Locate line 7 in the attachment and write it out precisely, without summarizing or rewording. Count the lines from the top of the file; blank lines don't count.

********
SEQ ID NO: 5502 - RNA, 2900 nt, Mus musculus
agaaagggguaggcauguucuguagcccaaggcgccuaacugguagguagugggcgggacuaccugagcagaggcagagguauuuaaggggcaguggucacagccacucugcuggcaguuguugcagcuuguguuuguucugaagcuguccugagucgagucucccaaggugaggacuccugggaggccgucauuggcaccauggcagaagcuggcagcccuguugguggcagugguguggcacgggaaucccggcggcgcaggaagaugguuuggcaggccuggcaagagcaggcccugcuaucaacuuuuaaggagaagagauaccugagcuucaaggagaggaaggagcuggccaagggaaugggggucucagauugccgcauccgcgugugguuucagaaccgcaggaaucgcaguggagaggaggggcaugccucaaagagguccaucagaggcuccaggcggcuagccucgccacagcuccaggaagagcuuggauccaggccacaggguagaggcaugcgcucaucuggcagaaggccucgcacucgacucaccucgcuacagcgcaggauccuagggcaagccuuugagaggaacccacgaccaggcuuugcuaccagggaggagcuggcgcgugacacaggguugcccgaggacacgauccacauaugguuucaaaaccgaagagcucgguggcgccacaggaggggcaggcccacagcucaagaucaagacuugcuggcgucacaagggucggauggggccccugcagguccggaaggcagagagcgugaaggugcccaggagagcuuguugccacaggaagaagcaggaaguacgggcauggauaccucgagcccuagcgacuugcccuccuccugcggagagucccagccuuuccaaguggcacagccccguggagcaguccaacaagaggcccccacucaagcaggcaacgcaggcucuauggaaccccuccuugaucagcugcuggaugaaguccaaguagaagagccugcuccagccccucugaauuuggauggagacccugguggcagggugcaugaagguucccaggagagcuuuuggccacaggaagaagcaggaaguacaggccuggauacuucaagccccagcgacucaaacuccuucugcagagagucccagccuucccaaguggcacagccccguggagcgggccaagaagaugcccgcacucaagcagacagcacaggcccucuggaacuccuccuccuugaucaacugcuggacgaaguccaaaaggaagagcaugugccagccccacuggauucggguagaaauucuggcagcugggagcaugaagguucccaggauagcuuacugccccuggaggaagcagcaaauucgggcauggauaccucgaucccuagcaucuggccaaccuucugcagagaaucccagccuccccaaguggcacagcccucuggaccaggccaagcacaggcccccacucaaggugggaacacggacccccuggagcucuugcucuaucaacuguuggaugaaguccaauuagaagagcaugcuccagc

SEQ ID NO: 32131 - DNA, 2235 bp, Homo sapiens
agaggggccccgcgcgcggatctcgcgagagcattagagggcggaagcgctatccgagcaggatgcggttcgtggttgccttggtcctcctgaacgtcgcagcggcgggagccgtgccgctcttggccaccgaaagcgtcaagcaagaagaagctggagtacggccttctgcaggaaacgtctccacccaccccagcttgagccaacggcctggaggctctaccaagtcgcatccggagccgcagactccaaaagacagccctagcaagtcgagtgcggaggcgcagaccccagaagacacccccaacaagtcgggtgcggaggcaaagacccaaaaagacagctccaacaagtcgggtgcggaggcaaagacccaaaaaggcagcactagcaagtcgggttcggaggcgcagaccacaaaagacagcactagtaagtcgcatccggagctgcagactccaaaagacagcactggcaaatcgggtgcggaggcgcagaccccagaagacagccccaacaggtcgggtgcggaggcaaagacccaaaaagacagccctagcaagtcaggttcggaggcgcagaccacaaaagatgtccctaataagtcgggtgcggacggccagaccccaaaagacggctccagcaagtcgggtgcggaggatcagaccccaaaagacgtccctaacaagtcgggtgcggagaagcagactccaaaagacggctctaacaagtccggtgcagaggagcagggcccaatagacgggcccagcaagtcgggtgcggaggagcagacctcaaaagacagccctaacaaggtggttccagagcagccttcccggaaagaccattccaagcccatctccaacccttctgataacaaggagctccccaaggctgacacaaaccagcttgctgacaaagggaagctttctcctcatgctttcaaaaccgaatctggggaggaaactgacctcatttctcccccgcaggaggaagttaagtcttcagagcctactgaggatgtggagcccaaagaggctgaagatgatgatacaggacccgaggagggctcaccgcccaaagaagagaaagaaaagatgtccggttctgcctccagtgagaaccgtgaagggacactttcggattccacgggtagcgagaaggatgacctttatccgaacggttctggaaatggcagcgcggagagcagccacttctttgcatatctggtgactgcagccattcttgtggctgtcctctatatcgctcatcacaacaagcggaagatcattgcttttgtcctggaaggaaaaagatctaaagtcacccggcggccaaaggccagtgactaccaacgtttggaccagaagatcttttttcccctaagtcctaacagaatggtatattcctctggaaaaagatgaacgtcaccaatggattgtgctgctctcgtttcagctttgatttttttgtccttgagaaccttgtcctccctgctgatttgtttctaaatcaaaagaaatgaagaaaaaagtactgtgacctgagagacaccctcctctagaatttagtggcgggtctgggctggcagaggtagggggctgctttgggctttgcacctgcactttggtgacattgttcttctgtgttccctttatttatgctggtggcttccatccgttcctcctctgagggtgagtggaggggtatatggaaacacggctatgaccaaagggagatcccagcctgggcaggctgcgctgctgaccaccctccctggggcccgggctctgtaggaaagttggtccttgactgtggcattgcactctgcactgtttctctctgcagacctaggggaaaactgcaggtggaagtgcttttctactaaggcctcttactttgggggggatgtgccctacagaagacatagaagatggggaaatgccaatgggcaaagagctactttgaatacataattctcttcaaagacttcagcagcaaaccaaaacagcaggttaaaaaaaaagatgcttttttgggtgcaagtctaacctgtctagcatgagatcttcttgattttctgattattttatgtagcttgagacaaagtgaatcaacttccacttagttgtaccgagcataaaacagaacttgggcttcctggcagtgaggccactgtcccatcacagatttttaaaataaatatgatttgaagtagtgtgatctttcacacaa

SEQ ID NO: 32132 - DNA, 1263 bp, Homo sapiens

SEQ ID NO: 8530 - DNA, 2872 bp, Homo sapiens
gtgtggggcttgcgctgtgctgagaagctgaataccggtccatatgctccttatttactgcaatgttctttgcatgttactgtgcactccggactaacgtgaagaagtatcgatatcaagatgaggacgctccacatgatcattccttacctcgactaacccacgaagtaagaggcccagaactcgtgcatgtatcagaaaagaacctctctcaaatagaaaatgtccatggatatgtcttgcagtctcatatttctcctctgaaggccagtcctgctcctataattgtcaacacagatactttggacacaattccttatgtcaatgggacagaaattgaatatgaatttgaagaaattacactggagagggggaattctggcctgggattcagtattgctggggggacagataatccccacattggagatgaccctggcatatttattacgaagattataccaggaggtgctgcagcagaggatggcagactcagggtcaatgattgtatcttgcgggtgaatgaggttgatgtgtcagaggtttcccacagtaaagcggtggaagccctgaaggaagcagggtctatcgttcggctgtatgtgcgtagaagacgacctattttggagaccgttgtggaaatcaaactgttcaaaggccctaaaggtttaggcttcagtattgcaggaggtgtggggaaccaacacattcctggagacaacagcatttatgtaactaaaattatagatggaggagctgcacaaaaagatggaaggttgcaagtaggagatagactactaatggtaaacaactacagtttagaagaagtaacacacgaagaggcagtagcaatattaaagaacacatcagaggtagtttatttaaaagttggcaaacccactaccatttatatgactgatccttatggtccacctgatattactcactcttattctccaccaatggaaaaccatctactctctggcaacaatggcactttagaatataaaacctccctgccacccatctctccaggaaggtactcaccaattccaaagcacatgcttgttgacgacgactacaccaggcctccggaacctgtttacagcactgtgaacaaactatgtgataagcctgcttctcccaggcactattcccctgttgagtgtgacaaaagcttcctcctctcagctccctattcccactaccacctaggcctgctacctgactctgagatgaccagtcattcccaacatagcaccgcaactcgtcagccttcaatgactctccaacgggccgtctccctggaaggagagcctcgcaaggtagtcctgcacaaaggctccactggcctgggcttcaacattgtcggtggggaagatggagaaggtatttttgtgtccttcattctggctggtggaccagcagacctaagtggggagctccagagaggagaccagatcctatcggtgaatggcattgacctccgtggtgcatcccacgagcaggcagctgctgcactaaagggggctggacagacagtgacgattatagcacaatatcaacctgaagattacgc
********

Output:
gtgtggggcttgcgctgtgctgagaagctgaataccggtccatatgctccttatttactgcaatgttctttgcatgttactgtgcactccggactaacgtgaagaagtatcgatatcaagatgaggacgctccacatgatcattccttacctcgactaacccacgaagtaagaggcccagaactcgtgcatgtatcagaaaagaacctctctcaaatagaaaatgtccatggatatgtcttgcagtctcatatttctcctctgaaggccagtcctgctcctataattgtcaacacagatactttggacacaattccttatgtcaatgggacagaaattgaatatgaatttgaagaaattacactggagagggggaattctggcctgggattcagtattgctggggggacagataatccccacattggagatgaccctggcatatttattacgaagattataccaggaggtgctgcagcagaggatggcagactcagggtcaatgattgtatcttgcgggtgaatgaggttgatgtgtcagaggtttcccacagtaaagcggtggaagccctgaaggaagcagggtctatcgttcggctgtatgtgcgtagaagacgacctattttggagaccgttgtggaaatcaaactgttcaaaggccctaaaggtttaggcttcagtattgcaggaggtgtggggaaccaacacattcctggagacaacagcatttatgtaactaaaattatagatggaggagctgcacaaaaagatggaaggttgcaagtaggagatagactactaatggtaaacaactacagtttagaagaagtaacacacgaagaggcagtagcaatattaaagaacacatcagaggtagtttatttaaaagttggcaaacccactaccatttatatgactgatccttatggtccacctgatattactcactcttattctccaccaatggaaaaccatctactctctggcaacaatggcactttagaatataaaacctccctgccacccatctctccaggaaggtactcaccaattccaaagcacatgcttgttgacgacgactacaccaggcctccggaacctgtttacagcactgtgaacaaactatgtgataagcctgcttctcccaggcactattcccctgttgagtgtgacaaaagcttcctcctctcagctccctattcccactaccacctaggcctgctacctgactctgagatgaccagtcattcccaacatagcaccgcaactcgtcagccttcaatgactctccaacgggccgtctccctggaaggagagcctcgcaaggtagtcctgcacaaaggctccactggcctgggcttcaacattgtcggtggggaagatggagaaggtatttttgtgtccttcattctggctggtggaccagcagacctaagtggggagctccagagaggagaccagatcctatcggtgaatggcattgacctccgtggtgcatcccacgagcaggcagctgctgcactaaagggggctggacagacagtgacgattatagcacaatatcaacctgaagattacgc